During the insurgency, the Maoists had tried to develop Thabang as “a model Maoist village”. After the end of the conflict, the elected Maoist-led government recognized it as one of a few dozen model villages in the country. This ensured more attention and state funding to the village. To cut the long story short, Thabang is not just another sleepy Nepali village (at least in description). It knows how to take risk and grab national attention at the same time.

Smash the ballot box- Boycott the election. Thabang, Rolpa.

Smash the ballot box- Boycott the election. Thabang, Rolpa.

No Election

No Election

In a recent sunny afternoon the people of Thabang, Rolpa gathered to chat under a Maoist anti-election graffiti. 1st line: Don't divide Thabang; 2nd line: Middlemen leaders are not needed.

In a recent sunny afternoon the people of Thabang, Rolpa gathered to chat under a Maoist anti-election graffiti. 1st line: Don’t divide Thabang; 2nd line: Middlemen leaders are not needed.

Former Maoist guerrilla Jeet Bahadur Gharti and his mules pass through a landslide in Rukum

Former Maoist guerrilla Jeet Bahadur Gharti and his mules pass through a landslide in Rukum

On that October day in 2011, I stared at the hill that the locals said I would have to climb to reach Thabang. It looked like a tough climb. My knee was not up for it. So I limped with a mule caravan to reach Rukumkot to catch a jeep. (Limping all day long with a mule caravan to reach Rukumkot).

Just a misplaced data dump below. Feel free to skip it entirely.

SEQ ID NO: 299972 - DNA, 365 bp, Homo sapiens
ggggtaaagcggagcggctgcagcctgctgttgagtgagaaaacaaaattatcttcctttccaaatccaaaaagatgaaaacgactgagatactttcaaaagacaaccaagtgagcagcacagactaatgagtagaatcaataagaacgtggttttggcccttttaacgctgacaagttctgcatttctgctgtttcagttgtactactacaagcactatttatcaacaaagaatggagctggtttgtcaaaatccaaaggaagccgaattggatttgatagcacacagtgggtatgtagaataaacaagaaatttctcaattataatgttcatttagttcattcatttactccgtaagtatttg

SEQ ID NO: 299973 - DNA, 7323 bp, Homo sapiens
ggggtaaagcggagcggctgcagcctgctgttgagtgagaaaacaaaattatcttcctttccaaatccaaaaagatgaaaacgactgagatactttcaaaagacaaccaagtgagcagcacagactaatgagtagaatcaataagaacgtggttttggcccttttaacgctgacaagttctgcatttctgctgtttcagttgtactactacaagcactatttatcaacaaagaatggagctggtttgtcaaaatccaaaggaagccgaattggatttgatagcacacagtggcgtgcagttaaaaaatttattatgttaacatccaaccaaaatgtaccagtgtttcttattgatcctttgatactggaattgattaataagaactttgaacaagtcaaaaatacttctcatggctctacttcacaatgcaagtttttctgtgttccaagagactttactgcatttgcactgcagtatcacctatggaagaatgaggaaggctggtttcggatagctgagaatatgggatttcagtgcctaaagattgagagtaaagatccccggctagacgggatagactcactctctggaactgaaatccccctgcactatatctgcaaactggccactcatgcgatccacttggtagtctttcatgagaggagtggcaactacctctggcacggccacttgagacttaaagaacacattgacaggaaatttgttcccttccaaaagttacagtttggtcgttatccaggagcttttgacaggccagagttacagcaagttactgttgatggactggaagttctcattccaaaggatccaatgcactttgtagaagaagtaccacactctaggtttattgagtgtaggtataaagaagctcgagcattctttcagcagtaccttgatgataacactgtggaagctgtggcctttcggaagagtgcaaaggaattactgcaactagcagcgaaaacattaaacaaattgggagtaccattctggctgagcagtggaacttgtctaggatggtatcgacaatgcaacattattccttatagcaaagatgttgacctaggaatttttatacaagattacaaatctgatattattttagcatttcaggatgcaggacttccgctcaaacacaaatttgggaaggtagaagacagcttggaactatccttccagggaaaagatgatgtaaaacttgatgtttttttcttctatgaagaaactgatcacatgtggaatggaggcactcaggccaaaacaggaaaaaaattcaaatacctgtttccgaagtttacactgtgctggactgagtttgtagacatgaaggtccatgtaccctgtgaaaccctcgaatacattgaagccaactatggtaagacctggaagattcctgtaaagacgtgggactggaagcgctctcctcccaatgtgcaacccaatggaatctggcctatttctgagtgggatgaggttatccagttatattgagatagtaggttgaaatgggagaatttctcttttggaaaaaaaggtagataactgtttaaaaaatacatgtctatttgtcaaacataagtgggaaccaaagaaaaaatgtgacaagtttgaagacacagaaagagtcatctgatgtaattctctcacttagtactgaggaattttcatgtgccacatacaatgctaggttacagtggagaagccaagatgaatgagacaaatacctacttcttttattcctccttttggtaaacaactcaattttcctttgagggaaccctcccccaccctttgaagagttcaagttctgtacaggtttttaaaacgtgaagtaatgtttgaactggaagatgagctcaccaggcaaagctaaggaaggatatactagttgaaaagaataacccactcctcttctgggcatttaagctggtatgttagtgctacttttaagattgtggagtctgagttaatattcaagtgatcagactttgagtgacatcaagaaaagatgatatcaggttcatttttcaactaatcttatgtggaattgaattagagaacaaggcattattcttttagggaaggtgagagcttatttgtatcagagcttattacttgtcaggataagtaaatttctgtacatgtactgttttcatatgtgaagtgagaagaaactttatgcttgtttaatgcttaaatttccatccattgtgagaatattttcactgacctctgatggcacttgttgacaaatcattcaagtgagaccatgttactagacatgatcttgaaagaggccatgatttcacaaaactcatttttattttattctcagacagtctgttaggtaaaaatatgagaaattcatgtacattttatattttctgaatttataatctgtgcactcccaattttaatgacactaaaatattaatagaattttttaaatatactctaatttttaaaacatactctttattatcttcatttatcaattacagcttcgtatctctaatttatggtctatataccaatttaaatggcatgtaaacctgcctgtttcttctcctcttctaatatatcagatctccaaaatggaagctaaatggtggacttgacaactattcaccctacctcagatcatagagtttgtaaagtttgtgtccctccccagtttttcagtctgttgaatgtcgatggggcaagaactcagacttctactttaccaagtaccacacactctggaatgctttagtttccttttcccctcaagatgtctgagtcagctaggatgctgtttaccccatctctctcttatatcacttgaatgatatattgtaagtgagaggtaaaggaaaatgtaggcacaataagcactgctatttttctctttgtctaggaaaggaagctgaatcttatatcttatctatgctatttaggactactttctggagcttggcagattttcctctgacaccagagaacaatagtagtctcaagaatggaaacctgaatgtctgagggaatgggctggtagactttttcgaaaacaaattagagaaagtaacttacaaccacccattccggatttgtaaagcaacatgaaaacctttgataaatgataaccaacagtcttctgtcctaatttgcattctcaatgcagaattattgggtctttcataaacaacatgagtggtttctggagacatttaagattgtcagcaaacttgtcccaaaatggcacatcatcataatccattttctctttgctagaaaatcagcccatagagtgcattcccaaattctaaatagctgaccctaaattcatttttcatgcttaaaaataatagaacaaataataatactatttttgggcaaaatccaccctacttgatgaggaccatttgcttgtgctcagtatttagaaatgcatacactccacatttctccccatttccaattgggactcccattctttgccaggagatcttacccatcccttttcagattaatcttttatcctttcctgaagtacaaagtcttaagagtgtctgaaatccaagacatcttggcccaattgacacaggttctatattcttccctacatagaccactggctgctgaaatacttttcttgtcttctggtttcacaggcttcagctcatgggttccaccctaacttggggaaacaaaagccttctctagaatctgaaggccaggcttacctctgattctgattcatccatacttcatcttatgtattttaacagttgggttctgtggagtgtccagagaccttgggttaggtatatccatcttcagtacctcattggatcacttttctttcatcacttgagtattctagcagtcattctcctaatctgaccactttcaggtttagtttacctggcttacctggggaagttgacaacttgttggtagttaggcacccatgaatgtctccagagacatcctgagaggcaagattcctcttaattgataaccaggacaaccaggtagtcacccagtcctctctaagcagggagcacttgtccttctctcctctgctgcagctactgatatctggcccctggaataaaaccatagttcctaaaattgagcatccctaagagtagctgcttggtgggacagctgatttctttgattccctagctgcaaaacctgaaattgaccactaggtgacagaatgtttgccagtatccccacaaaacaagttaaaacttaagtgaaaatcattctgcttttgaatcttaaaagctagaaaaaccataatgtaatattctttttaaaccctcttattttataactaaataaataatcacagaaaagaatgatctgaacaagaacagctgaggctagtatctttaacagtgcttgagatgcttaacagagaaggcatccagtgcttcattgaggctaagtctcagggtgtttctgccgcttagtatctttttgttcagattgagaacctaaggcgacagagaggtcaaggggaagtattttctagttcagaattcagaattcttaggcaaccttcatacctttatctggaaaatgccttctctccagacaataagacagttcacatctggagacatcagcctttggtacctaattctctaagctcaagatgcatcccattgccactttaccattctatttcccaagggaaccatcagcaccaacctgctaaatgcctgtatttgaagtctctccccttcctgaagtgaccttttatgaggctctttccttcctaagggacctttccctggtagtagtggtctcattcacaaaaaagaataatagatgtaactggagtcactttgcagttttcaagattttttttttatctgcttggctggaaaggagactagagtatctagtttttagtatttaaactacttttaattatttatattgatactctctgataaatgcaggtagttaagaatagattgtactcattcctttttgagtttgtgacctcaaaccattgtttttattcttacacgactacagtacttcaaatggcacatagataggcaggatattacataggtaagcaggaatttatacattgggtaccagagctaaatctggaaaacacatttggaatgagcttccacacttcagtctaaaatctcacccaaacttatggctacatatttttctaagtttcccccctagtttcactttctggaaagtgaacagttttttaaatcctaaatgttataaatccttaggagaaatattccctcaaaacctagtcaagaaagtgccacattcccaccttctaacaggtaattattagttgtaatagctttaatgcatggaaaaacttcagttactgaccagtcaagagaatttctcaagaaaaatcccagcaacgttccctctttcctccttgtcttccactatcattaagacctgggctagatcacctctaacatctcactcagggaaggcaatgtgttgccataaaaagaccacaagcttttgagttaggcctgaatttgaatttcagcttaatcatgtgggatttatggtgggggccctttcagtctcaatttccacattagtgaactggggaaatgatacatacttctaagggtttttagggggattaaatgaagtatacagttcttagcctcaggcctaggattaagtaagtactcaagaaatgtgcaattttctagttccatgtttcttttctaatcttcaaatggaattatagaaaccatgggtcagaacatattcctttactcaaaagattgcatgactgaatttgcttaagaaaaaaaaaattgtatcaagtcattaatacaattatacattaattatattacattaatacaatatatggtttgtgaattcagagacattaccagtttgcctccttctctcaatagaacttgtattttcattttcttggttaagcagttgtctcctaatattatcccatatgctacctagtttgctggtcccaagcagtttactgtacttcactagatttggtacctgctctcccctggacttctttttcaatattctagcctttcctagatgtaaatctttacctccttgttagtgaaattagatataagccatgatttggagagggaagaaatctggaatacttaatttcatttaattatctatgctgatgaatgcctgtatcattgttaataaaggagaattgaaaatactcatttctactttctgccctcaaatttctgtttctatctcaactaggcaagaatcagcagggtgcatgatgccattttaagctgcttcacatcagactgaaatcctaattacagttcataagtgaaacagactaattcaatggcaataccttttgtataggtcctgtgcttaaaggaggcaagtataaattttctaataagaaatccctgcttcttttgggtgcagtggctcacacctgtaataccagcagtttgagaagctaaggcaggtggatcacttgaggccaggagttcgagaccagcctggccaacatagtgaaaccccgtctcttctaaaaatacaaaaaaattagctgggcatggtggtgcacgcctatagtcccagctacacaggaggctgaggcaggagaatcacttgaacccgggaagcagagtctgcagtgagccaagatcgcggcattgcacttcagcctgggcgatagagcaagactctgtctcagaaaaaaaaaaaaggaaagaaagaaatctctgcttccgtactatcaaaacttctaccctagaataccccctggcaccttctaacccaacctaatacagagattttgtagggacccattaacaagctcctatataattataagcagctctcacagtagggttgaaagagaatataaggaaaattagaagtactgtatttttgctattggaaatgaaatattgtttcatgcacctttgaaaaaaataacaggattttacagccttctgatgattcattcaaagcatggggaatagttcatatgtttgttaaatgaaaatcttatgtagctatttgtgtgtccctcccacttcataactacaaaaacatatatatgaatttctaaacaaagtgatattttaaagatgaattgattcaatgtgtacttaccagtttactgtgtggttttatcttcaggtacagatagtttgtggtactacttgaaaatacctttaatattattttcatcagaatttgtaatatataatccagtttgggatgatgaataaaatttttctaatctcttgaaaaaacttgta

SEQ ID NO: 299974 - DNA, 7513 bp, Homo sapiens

My wish to see the guerrilla village remained unfulfilled.

But I knew that I would be back. पढ्नेक्रम जारी राख्नुहोस्

भोट नहाल्ने गाउँ थबाङ पुग्दा

A woman walks past a Maoist mural at the entrance of Thabang village, Rolpa: 1st line: Workers of the world, unite. 2nd line: No election campaign zone!

A woman walked past a Maoist mural at the entrance of Thabang village, Rolpa:
1st line: Workers of the world, unite.
2nd line: No election campaign zone!

[Click here to read this article in English and see more photos.]

नेपालमा २०७० मंसिर ४ गते दोस्रो संविधान सभाका लागि राष्ट्रिय चुनाव भयो । जनताले सर्वाधिक संख्यामा मतदान गरे । त्यो दिन भोट हाल्ने ९४ लाख नेपालीहरू मध्ये म पनि एक थिएँ । तर मध्यपश्चिम नेपालको एउटा पुरै गाउँ मतदान केन्द्रमा अनुपस्थित भयो । रोल्पाको थबाङले चुनाव बहिस्कार गर्यो ।

थवाङ जाने एउटा अर्को बहाना, मैले सोचेँ ।

पढ्नेक्रम जारी राख्नुहोस्

Was browsing through the snapshots taken in 2013 by the phone. Here are four from April- women and children of Chitlang village and a house and a dog. (More pics in this original post)



A couple of weeks back I walked from Bhaktapur’s Changunarayan Temple to Nagarkot (4hrs). The walk continued next morning. Went to Sankhu via Lapsephedi (near Jaharsingh Pouwa, 6hrs). This is one of the several villages that are part of Kathmandu-2 constituency where I am registered to vote (I voted). Found a piece of campaign poster in Phedi, just before taking a rarely-walked trail to Bajrayogini temple, that appealed for a victory to the UCPN Maoist candidate Lilamani Pokharel win in the Nov 19 polls. (Pokharel came a distant third.)

Changunarayan